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Netanyahu's first shot is at Iran

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Netanyahu's first shot is at Iran


Prime Minister Benjamin Netanyahu won a third term by convincing enough of his fellow Israelis that he has the challenges in the right order.

To him that means acting on Iran before solving the conflict with the Palestinians.

Netanyahu has pursued settlement-building on land seized by Israel in the 1967 war with the Arabs, and critics say he has inflated a threat from Iran to divert attention from this today.

Netanyahu said: “I believe that it’s time for the rest of the world to wake up. The great challenges that we face, the great danger to the world, is not from Jews building in our ancestral capital in Jerusalem, it’s from nuclear weapons in Iran, those weapons that are built in Iran.”

In September, Netanyahu told the UN Iran was two months from crossing a “clear red line” for uranium enrichment.

A poll by the Times of Israel ahead of the election showed just 12 per cent of Israelis saw Iran as the top priority. That poll said 16 per cent prioritised relations with the Palestinians.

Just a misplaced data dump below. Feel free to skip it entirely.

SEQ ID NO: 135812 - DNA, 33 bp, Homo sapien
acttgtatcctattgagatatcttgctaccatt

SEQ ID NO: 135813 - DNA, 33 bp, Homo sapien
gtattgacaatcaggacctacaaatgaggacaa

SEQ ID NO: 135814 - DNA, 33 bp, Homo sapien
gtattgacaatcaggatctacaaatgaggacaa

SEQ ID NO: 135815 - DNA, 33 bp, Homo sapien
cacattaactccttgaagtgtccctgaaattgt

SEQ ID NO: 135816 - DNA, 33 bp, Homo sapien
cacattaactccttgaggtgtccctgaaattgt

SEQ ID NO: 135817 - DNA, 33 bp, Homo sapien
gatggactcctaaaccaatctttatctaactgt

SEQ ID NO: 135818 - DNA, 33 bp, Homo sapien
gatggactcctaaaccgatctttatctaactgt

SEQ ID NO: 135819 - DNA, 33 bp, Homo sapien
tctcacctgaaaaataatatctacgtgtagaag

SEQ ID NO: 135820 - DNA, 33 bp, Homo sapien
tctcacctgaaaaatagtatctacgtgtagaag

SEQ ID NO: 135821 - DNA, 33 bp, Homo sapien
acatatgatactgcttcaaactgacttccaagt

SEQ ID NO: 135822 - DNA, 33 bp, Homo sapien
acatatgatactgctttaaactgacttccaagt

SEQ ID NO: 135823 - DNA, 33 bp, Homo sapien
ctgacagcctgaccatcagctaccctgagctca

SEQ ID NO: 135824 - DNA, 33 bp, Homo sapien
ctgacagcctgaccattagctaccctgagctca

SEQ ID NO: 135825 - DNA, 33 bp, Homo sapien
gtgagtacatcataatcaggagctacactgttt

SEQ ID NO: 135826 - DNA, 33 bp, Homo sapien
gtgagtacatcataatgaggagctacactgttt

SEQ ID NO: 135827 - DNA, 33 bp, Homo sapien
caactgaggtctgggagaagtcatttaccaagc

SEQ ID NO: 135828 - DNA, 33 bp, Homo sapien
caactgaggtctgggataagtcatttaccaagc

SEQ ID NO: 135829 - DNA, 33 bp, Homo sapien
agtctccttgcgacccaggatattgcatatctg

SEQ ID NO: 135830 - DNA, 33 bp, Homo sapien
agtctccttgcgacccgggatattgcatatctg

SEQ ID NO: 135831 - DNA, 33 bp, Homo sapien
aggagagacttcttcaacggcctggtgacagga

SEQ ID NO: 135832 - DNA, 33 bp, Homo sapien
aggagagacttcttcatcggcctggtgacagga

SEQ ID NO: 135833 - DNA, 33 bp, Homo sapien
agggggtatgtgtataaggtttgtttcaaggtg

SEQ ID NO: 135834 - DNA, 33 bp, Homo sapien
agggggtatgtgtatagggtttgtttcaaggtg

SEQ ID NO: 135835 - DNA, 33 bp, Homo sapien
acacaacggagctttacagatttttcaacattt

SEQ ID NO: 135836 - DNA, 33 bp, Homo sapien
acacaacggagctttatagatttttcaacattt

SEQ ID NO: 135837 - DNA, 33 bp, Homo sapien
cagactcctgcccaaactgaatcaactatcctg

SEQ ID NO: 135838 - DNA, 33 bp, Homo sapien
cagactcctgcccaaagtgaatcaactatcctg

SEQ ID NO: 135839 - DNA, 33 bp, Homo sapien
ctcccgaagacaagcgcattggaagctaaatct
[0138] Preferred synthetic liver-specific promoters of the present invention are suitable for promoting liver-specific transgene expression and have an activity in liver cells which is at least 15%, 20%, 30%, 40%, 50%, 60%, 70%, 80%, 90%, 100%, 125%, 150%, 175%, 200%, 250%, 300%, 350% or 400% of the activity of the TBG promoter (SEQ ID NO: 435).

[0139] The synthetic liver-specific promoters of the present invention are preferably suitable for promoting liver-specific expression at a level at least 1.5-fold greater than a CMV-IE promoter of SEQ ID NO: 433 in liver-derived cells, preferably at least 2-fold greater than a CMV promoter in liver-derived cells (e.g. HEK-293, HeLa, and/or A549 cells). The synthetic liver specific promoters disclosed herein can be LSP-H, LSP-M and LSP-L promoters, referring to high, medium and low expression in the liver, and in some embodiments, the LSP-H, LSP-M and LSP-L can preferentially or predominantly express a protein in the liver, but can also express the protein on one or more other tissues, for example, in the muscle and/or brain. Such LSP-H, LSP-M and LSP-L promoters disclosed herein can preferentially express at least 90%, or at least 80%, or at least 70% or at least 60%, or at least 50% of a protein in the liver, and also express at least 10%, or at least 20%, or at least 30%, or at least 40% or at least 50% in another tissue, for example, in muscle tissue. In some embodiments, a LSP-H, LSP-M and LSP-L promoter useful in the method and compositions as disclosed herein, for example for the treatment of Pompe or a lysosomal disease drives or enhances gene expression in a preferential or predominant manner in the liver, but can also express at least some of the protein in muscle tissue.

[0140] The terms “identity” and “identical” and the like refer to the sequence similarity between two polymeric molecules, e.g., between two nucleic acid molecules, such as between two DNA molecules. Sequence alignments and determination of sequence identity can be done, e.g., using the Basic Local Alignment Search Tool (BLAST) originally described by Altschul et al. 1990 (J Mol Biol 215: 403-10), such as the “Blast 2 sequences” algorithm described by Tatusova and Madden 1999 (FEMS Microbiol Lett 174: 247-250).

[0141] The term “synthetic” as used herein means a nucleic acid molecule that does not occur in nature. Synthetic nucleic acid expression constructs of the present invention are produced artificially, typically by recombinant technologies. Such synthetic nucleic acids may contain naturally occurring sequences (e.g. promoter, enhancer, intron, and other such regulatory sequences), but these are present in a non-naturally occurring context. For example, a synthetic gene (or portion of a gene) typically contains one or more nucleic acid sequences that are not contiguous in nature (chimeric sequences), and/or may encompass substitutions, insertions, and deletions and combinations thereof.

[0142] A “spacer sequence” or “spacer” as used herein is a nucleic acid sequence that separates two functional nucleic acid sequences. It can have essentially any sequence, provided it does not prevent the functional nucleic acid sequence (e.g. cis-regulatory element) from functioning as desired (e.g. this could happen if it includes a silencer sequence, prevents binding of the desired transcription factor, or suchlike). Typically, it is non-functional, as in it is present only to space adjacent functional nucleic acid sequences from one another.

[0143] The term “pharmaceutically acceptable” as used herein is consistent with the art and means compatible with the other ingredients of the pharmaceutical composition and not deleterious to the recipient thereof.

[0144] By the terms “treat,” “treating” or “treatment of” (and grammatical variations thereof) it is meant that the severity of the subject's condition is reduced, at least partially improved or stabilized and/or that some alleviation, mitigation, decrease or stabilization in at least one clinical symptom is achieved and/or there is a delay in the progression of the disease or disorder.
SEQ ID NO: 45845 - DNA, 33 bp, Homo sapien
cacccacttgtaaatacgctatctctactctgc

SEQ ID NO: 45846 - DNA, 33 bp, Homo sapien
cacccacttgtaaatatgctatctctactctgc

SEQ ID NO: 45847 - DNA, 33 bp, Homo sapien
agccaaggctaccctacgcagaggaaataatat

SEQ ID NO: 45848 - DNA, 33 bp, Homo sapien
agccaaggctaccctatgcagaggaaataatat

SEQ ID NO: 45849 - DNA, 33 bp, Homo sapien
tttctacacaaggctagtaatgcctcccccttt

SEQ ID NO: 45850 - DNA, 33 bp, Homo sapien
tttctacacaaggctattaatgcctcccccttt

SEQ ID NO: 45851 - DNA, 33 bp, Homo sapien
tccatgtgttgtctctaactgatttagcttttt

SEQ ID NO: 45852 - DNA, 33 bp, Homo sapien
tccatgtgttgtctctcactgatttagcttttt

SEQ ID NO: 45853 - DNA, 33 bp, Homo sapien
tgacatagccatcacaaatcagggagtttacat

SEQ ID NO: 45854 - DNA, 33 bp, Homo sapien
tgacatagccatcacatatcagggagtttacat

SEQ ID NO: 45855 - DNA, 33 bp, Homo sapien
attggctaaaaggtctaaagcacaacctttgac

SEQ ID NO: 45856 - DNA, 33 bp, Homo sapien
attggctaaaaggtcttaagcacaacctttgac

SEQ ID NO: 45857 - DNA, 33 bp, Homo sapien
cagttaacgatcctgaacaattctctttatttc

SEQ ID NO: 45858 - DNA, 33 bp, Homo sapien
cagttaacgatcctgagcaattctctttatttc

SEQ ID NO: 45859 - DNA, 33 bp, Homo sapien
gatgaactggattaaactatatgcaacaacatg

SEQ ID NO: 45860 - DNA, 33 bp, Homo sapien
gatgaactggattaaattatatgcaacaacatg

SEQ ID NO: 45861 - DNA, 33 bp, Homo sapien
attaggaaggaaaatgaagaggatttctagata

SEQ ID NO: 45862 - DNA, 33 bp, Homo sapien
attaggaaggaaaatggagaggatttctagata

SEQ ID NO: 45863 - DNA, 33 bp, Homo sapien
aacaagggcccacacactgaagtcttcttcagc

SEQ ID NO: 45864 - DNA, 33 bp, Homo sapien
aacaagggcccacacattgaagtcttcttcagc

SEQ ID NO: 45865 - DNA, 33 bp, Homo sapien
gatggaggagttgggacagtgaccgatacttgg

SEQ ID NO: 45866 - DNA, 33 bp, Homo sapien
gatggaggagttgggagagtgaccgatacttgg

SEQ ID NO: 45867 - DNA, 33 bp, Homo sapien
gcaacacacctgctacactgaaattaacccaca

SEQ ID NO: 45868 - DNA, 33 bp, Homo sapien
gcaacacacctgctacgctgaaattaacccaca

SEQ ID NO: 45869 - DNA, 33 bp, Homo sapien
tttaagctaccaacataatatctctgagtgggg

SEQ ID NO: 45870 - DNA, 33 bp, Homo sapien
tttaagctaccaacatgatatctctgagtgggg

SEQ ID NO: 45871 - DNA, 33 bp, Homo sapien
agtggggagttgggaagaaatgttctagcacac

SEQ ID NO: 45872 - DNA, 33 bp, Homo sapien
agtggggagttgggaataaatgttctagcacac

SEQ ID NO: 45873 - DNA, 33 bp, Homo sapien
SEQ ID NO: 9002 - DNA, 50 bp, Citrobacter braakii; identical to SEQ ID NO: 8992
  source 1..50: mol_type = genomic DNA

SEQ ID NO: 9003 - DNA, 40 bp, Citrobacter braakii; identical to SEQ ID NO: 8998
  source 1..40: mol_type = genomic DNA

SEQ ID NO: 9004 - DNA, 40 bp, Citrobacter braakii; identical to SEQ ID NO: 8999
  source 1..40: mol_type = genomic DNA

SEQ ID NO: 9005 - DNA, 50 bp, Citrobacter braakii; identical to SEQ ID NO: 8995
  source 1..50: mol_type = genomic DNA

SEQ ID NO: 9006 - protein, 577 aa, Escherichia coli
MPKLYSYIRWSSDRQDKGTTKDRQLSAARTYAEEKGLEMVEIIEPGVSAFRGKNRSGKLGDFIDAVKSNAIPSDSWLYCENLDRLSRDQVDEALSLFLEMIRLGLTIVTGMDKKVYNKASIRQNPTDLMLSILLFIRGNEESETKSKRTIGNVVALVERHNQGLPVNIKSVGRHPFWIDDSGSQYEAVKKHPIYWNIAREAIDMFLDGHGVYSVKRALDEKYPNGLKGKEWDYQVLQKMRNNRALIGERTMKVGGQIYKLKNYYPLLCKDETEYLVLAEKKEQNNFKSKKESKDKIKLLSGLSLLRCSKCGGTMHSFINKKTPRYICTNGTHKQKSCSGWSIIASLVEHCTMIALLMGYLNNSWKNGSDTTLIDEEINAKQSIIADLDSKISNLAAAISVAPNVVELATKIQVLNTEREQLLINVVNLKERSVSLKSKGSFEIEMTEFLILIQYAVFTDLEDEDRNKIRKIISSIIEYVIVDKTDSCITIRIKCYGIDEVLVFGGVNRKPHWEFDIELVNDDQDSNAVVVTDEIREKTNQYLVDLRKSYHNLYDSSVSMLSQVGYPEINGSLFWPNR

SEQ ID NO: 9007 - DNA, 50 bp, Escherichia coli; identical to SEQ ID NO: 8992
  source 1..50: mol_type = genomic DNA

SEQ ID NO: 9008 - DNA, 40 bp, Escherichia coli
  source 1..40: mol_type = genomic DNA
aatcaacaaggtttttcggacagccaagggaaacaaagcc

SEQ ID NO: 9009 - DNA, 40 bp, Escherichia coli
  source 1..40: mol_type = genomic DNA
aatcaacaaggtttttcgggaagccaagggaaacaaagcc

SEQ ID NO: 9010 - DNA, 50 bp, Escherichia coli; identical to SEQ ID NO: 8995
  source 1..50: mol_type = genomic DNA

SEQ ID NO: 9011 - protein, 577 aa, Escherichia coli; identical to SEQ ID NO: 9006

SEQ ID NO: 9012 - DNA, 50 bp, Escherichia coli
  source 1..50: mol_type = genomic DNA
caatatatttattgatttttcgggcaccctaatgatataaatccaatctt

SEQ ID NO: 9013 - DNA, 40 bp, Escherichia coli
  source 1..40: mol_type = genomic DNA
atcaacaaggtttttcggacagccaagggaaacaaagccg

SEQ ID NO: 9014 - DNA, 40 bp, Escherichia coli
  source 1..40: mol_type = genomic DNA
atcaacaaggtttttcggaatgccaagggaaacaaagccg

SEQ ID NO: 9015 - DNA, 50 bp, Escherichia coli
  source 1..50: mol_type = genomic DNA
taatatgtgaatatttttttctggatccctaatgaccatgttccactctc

But in December Netanyahu ordered more than 10,000 homes built on land the Palestinians claimed, ostensibly in retaliation for their success at the UN winning an upgrade to non-member observer state.

Another aspect of the former commando’s pugnacious stance defending Israeli security is the completion of a 230-km fence along the border with Egypt, to cut the number of asylum seekers crossing to Israel.

Netanyahu’s father was a Zionist historian, opposed to any compromise with the nation’s enemies. He is said to have had a decisive influence on him.

Benjamin Netanyahu was fervently against the Oslo Accords – a framework to resolve the Israeli–Palestinian conflict. He pilloried then Israeli Prime Minister Yitzhak Rabin for his efforts. In 1995 a radical right-wing Orthodox Jew assassinated Rabin. Netanyahu became prime minister.

He and PLO Chairman Yasser Arafat agreed on peace steps to follow, but these faltered.

An Israeli settler massacred praying Palestinians, then there were bombings against Israelis, and then came the Second Intifada uprising.

Just before that, in 1999, Netanyahu was voted out of office, only returning to the prime ministership ten years later.

He put a temporary partial freeze on settlement-building, and last year officially recognised a right for Palestinians to have their own state. But a real interest in pursuing peace? Even high-level American diplomats have raised doubts over Netanyahu’s sincerity.

He also brought relations with the US administration to a new low over how to handle Iran.

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